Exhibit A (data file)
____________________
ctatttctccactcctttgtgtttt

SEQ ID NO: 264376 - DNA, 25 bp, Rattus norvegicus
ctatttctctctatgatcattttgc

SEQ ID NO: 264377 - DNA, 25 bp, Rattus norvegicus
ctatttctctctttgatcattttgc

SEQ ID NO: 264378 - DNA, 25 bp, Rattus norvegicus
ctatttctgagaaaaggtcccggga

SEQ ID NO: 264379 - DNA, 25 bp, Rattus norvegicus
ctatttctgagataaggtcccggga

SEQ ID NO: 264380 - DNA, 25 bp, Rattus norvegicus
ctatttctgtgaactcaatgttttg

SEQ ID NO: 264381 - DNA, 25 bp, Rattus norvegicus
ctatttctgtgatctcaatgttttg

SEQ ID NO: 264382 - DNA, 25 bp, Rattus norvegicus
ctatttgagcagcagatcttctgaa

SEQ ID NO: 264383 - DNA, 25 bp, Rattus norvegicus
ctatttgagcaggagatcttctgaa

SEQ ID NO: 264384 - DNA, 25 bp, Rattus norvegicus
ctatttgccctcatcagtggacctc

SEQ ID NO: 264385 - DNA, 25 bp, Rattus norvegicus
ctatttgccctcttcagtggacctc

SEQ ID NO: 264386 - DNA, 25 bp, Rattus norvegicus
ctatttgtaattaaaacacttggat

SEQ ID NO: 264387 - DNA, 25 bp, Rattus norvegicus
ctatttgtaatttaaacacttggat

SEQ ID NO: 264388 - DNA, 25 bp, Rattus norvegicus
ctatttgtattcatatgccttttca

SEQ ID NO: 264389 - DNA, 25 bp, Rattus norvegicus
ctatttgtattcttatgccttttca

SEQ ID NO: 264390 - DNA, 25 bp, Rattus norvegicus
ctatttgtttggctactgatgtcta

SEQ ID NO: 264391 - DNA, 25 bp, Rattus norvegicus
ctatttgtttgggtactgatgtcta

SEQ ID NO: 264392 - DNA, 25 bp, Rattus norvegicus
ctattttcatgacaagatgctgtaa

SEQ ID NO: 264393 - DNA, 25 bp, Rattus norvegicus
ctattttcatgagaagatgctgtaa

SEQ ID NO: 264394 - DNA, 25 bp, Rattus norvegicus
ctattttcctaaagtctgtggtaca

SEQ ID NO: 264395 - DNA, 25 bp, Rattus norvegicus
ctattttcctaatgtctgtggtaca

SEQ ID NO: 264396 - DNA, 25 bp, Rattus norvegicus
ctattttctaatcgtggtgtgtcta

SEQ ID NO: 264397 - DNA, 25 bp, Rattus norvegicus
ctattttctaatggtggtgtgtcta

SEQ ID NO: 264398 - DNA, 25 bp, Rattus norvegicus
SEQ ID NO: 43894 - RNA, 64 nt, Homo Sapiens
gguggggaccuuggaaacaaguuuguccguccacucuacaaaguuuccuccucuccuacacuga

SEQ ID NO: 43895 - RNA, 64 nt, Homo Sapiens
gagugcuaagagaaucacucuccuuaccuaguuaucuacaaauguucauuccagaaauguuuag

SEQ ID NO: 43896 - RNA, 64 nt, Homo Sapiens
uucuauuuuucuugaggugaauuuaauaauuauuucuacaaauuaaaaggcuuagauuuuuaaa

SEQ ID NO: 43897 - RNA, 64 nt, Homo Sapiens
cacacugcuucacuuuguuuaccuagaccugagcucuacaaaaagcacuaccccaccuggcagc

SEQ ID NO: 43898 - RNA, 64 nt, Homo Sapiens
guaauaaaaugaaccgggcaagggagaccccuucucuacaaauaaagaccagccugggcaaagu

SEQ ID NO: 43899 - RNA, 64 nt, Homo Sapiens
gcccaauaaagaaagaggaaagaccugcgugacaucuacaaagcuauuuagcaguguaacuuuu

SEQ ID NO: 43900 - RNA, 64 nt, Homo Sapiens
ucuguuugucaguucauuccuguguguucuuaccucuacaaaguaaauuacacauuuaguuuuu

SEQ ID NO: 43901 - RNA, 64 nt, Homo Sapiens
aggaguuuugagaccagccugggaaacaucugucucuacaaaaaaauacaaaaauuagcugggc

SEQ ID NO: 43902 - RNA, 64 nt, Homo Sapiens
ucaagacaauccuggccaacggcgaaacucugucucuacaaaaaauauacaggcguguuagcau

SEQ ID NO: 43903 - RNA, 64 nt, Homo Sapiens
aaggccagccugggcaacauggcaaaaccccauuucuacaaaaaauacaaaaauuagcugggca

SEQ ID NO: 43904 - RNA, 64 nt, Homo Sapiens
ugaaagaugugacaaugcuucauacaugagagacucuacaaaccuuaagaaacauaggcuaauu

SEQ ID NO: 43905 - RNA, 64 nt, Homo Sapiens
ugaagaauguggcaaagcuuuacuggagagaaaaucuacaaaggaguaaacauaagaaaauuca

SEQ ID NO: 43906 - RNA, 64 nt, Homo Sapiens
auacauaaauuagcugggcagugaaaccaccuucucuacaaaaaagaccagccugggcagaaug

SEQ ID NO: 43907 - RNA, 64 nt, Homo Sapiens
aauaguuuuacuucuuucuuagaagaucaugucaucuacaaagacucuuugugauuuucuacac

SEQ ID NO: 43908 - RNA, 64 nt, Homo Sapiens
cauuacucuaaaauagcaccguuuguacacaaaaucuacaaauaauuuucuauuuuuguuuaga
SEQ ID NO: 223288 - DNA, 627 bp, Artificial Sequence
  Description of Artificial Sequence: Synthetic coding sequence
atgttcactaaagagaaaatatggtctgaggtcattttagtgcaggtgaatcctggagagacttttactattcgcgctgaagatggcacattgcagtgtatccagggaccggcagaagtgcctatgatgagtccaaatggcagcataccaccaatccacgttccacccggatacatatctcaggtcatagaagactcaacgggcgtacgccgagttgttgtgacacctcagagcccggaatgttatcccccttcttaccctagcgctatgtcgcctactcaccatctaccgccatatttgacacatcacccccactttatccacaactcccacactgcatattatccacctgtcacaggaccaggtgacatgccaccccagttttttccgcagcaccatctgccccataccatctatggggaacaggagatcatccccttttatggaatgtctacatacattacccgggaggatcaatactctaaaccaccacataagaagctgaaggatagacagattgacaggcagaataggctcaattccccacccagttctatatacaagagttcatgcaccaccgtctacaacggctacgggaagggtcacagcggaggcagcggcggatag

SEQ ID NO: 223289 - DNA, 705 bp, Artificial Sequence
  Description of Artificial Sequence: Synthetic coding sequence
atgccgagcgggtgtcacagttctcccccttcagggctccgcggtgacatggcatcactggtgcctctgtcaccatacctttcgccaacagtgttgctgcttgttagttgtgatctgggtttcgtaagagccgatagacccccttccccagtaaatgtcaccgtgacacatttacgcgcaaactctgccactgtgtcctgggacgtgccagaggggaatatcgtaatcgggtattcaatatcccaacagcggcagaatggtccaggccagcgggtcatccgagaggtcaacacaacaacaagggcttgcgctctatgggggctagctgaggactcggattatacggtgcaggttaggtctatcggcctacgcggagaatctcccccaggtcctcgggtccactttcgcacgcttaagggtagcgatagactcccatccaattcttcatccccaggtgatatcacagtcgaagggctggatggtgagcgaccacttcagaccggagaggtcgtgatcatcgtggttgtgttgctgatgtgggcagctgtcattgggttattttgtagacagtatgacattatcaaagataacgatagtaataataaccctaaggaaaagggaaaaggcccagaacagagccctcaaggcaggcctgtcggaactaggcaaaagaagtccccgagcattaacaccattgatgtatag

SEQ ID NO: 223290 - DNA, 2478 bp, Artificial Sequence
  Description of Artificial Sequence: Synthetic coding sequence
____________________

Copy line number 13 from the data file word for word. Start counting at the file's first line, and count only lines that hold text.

ctatttctgtgatctcaatgttttg